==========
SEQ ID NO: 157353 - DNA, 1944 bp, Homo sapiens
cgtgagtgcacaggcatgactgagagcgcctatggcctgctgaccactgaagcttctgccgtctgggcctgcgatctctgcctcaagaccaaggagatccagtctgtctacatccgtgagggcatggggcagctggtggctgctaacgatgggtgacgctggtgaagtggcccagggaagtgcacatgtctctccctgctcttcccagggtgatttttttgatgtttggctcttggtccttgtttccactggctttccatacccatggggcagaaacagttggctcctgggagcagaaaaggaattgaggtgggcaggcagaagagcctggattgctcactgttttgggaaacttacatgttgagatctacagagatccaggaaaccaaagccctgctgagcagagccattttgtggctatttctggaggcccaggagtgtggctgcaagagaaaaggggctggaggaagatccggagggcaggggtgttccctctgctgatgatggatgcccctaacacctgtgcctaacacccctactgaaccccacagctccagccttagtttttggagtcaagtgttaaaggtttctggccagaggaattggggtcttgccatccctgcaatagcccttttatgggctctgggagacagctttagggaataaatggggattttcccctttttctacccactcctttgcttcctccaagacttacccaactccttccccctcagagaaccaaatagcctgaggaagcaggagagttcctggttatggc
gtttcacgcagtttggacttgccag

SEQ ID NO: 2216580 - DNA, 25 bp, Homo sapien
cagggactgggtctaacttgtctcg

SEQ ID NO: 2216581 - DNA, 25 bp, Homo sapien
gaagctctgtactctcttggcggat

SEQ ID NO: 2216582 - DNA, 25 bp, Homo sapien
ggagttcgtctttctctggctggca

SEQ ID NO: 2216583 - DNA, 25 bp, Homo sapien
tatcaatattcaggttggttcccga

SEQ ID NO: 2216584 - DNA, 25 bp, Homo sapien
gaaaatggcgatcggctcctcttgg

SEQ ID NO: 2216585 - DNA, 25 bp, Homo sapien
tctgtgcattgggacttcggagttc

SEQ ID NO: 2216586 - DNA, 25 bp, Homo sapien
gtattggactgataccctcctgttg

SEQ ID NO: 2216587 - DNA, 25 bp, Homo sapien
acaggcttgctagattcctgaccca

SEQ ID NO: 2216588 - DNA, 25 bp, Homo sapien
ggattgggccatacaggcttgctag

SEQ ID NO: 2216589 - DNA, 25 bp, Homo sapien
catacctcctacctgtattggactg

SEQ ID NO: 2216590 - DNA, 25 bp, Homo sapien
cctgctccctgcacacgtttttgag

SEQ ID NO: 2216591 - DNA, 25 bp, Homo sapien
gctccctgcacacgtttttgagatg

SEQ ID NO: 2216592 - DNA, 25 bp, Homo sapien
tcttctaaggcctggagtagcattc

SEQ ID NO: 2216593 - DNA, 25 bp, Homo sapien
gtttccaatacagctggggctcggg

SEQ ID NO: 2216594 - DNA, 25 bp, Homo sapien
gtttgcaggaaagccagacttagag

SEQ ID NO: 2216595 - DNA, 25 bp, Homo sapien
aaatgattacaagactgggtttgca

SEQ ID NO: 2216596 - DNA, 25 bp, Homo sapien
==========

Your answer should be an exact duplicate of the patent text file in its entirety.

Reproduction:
SEQ ID NO: 157353 - DNA, 1944 bp, Homo sapiens
cgtgagtgcacaggcatgactgagagcgcctatggcctgctgaccactgaagcttctgccgtctgggcctgcgatctctgcctcaagaccaaggagatccagtctgtctacatccgtgagggcatggggcagctggtggctgctaacgatgggtgacgctggtgaagtggcccagggaagtgcacatgtctctccctgctcttcccagggtgatttttttgatgtttggctcttggtccttgtttccactggctttccatacccatggggcagaaacagttggctcctgggagcagaaaaggaattgaggtgggcaggcagaagagcctggattgctcactgttttgggaaacttacatgttgagatctacagagatccaggaaaccaaagccctgctgagcagagccattttgtggctatttctggaggcccaggagtgtggctgcaagagaaaaggggctggaggaagatccggagggcaggggtgttccctctgctgatgatggatgcccctaacacctgtgcctaacacccctactgaaccccacagctccagccttagtttttggagtcaagtgttaaaggtttctggccagaggaattggggtcttgccatccctgcaatagcccttttatgggctctgggagacagctttagggaataaatggggattttcccctttttctacccactcctttgcttcctccaagacttacccaactccttccccctcagagaaccaaatagcctgaggaagcaggagagttcctggttatggc
gtttcacgcagtttggacttgccag

SEQ ID NO: 2216580 - DNA, 25 bp, Homo sapien
cagggactgggtctaacttgtctcg

SEQ ID NO: 2216581 - DNA, 25 bp, Homo sapien
gaagctctgtactctcttggcggat

SEQ ID NO: 2216582 - DNA, 25 bp, Homo sapien
ggagttcgtctttctctggctggca

SEQ ID NO: 2216583 - DNA, 25 bp, Homo sapien
tatcaatattcaggttggttcccga

SEQ ID NO: 2216584 - DNA, 25 bp, Homo sapien
gaaaatggcgatcggctcctcttgg

SEQ ID NO: 2216585 - DNA, 25 bp, Homo sapien
tctgtgcattgggacttcggagttc

SEQ ID NO: 2216586 - DNA, 25 bp, Homo sapien
gtattggactgataccctcctgttg

SEQ ID NO: 2216587 - DNA, 25 bp, Homo sapien
acaggcttgctagattcctgaccca

SEQ ID NO: 2216588 - DNA, 25 bp, Homo sapien
ggattgggccatacaggcttgctag

SEQ ID NO: 2216589 - DNA, 25 bp, Homo sapien
catacctcctacctgtattggactg

SEQ ID NO: 2216590 - DNA, 25 bp, Homo sapien
cctgctccctgcacacgtttttgag

SEQ ID NO: 2216591 - DNA, 25 bp, Homo sapien
gctccctgcacacgtttttgagatg

SEQ ID NO: 2216592 - DNA, 25 bp, Homo sapien
tcttctaaggcctggagtagcattc

SEQ ID NO: 2216593 - DNA, 25 bp, Homo sapien
gtttccaatacagctggggctcggg

SEQ ID NO: 2216594 - DNA, 25 bp, Homo sapien
gtttgcaggaaagccagacttagag

SEQ ID NO: 2216595 - DNA, 25 bp, Homo sapien
aaatgattacaagactgggtttgca

SEQ ID NO: 2216596 - DNA, 25 bp, Homo sapien